CAPRI-MUS­TANG

Fast Ford - - Intro -

Ford nearly built a Mus­tan­gengined Mk2 Capri…

You’ve prob­a­bly heard loads about the one-litre EcoBoost. Its cast-iron cylin­der block will fit onto a sheet of A4 pa­per, and the en­tire unit weighs just 97kg. It’s been tuned to pro­duce 202bhp in a sin­gle-seater For­mula Ford racer wear­ing an ST180 turbo, while neg­a­tive press re­ports have re­named it EcoBoom and EcoBust af­ter a series of cat­a­strophic fail­ures. Bad news? Well no, not re­ally. Mil­lions of EcoBoost units have been pro­duced, and it’s still only a small per­cent­age that have gone bang. The over­whelm­ing ma­jor­ity were found in Ford Fo­cuses, which in most cases re­quired com­plete new en­gines from as early as 15,000 miles. Prob­lems seem to cen­tre around the cool­ing sys­tem – in­clud­ing head gas­ket fail­ure – so it’s wise to check the car you’re buy­ing has no ob­vi­ous coolant leaks.

Steer clear of any dash­board warn­ing lights, and an en­gine run­ning rough or in limp mode is to be avoided – as are nasty noises, al­though it’s nor­mal for a 1.0 to sound a bit rat­tly. En­sure the oil level is cor­rect, and you’ll need to see a full ser­vice his­tory, with oil changes ev­ery 12,000 miles. Ford’s war­ranty de­mands un­usual 5W20 oil, al­though AET Mo­tor­sport rec­om­mends 5W40 Millers for mod­i­fied cars - but warm up the en­gine be­fore driv­ing hard. In­ci­den­tally, the cam belt runs in the oil, and needs re­plac­ing at 150,000 miles or ten years.

There’s no ap­par­ent pat­tern to fail­ures – or spe­cific warn­ing signs – but ne­glect could be a fac­tor. Top tuners have taken EcoBoost one-litres to high power out­puts with­out prob­lems – Collins Per­for­mance has a mod­i­fied demon­stra­tor with 40,000 miles, while AET’s own Fi­esta has cov­ered 50,000 miles with stage two and re­mains prob­lem-free.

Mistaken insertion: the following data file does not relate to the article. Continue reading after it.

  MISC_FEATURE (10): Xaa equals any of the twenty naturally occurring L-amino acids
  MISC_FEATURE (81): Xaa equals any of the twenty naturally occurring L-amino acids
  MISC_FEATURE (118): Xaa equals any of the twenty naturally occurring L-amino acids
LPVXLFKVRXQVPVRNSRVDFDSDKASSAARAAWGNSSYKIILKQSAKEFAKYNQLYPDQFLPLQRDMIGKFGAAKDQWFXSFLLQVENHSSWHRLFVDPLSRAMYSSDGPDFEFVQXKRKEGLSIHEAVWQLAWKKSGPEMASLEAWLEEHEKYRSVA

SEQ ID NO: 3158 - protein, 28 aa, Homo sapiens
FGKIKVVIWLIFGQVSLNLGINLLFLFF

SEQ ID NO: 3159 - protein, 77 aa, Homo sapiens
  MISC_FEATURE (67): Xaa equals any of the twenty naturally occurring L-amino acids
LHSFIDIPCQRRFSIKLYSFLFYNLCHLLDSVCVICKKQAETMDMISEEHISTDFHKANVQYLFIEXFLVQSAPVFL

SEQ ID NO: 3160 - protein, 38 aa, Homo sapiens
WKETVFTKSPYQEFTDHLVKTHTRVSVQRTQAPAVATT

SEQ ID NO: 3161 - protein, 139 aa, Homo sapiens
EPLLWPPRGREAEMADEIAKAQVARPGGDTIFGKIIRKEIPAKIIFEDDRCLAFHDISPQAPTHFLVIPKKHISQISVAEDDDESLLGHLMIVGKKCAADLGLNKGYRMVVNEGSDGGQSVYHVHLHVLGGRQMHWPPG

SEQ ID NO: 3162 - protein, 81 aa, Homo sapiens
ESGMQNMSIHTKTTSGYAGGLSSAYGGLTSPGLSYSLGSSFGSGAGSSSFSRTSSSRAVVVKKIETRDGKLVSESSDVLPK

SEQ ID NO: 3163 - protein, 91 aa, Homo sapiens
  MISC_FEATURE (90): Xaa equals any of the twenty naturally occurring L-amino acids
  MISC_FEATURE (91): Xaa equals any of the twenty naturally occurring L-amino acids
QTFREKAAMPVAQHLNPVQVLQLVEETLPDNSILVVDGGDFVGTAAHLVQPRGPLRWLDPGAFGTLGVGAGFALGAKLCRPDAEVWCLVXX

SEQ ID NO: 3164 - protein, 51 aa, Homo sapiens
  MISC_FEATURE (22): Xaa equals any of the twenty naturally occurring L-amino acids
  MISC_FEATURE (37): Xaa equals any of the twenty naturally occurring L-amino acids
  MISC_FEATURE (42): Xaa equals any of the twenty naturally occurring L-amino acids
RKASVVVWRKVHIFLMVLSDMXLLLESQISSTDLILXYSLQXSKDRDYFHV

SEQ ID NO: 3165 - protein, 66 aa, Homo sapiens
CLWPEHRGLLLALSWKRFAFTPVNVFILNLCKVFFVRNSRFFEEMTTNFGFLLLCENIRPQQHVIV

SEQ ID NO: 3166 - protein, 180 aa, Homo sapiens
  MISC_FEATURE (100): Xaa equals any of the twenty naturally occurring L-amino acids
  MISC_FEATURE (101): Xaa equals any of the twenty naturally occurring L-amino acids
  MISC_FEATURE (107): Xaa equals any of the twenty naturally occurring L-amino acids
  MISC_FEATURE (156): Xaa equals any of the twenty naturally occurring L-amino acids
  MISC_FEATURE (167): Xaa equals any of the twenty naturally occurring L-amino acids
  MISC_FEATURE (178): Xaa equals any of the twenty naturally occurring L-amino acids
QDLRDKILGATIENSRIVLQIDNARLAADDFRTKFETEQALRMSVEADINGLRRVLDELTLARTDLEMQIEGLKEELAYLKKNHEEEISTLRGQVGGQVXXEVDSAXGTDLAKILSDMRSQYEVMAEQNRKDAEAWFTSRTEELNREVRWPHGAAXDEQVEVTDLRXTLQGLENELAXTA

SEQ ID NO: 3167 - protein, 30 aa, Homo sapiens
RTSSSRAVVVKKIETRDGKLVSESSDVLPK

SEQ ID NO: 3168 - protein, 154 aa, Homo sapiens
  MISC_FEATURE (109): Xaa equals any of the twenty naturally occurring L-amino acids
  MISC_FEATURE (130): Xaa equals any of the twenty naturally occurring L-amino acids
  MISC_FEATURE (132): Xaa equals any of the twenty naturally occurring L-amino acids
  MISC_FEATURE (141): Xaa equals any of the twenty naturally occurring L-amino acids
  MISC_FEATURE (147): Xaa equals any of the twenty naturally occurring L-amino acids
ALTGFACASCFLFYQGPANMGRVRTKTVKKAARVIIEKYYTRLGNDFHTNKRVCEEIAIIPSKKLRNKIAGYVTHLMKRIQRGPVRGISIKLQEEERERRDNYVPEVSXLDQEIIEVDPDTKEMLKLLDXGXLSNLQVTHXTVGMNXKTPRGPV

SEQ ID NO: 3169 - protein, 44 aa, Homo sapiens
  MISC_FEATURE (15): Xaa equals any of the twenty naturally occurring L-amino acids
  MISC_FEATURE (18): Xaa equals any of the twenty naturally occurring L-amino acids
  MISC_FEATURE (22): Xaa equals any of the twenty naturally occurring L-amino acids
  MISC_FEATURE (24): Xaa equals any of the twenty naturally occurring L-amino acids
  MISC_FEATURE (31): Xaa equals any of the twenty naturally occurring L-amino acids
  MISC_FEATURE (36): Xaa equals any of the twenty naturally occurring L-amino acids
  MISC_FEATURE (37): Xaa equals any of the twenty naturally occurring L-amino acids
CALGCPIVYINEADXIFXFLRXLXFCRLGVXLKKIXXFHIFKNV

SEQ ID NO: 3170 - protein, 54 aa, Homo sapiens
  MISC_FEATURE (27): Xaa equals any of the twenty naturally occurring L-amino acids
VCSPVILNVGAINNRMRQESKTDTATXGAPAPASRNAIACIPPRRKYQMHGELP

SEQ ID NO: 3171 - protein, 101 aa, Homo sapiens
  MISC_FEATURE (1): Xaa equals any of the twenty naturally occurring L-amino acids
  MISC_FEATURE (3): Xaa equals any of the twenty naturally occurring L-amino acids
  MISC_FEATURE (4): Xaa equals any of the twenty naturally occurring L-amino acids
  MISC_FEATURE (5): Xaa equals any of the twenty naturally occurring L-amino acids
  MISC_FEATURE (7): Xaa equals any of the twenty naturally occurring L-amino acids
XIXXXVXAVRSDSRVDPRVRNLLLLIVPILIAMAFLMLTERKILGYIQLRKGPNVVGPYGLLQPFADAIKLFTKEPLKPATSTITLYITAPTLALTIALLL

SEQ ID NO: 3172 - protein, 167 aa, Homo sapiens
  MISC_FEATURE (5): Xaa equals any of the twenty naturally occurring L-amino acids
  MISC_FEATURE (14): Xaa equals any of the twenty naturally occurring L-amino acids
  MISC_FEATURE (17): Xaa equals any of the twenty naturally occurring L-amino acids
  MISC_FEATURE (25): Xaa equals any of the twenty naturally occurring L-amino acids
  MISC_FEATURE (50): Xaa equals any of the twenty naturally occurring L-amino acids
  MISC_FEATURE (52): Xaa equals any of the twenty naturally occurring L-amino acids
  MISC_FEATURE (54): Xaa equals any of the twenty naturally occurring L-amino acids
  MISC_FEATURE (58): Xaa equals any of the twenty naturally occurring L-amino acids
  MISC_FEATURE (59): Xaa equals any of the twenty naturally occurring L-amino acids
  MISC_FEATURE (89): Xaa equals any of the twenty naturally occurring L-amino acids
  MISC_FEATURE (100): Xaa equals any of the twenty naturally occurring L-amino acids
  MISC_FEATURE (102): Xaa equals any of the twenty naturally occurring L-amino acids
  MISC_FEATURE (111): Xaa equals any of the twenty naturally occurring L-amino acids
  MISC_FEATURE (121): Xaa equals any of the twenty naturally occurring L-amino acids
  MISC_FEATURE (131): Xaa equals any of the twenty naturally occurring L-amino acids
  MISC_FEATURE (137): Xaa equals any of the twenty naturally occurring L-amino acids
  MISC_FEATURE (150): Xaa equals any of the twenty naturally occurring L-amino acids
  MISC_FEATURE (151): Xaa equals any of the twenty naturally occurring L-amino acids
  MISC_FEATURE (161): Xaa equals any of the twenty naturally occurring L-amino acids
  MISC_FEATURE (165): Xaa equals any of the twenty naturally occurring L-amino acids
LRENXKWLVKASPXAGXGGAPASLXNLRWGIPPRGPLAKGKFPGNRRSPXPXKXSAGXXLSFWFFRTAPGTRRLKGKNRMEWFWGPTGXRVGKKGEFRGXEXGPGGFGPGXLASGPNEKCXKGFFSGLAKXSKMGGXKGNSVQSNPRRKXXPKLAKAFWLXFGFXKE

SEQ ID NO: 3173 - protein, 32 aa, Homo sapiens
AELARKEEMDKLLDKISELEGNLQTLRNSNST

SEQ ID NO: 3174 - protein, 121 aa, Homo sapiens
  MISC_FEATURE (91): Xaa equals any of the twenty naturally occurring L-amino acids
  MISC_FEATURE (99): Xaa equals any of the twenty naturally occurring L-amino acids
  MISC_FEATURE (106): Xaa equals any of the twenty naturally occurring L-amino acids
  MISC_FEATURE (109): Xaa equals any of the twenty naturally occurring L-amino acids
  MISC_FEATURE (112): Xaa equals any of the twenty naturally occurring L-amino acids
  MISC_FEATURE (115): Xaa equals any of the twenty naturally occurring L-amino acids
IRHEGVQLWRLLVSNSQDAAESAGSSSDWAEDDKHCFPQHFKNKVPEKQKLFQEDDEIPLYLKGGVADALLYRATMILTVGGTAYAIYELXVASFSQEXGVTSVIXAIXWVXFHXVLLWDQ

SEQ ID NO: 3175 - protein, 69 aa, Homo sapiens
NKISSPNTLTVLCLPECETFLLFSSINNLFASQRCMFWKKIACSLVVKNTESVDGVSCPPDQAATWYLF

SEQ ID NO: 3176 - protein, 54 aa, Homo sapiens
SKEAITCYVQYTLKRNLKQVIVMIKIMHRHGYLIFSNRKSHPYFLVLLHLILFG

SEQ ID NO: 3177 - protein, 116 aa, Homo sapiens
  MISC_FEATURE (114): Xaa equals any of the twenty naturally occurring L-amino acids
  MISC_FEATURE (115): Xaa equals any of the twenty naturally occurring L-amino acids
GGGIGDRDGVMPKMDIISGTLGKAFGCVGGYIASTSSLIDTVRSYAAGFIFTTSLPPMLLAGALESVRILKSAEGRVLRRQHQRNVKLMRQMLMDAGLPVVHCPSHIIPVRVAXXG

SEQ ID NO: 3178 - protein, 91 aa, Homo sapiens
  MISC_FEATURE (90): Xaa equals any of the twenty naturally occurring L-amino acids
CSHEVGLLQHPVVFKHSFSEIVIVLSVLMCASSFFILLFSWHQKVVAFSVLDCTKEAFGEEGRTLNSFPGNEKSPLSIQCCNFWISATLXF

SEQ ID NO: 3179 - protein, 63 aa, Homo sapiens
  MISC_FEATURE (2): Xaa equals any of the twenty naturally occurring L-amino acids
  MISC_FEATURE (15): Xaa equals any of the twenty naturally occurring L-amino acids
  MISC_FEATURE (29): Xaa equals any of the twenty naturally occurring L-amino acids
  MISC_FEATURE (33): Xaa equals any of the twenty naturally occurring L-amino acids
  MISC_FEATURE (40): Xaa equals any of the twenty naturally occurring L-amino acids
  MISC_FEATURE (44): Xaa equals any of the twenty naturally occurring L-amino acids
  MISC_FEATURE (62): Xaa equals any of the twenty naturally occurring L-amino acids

AET rec­om­mends 98 RON fuel, es­pe­cially on a tuned car – ex­pect to see neg­a­tive ef­fects with poor petrol and/or bad remap­ping. Rep­utable tuners don’t push a 1.0 beyond 175-to-180bhp and 190lb.ft torque – af­ter which there’s a real chance of snap­ping the crank­shaft, and a forged bot­tom end is re­quired.

All en­gines – 100, 125 and 140PS – are me­chan­i­cally iden­ti­cal, al­though the 140 has an up­rated head gas­ket. We’d ad­vise buy­ing a 125 or 140 be­cause they tend to be sportier mod­els.

If you fancy a mod­i­fied Fi­esta, be sure it’s been done prop­erly, with safety fea­tures left in place. The stock in­ter­cooler is on its lim­its in a 140, so be sus­pi­cious if the seller’s claim­ing big power with­out one.

The turbo runs ex­cep­tion­ally hot, and Collins of­fers hy­brid tur­bos through Turbo Tech­nics, where in­ter­nal cracks have been dis­cov­ered at strip-down; ex­pect to find wear on a heav­ily-used ex­am­ple. Pop off the in­duc­tion pipe, re­move the heat shield, and make sure the com­pres­sor wheel isn’t dam­aged; give it a wig­gle to check for play.

Fi­nally, if you’re at all afraid of the EcoBoost, check out what an ex­tended war­ranty can of­fer.

The IB5 gear­box is the Fi­esta’s weak link and doesn’t like loads of torque

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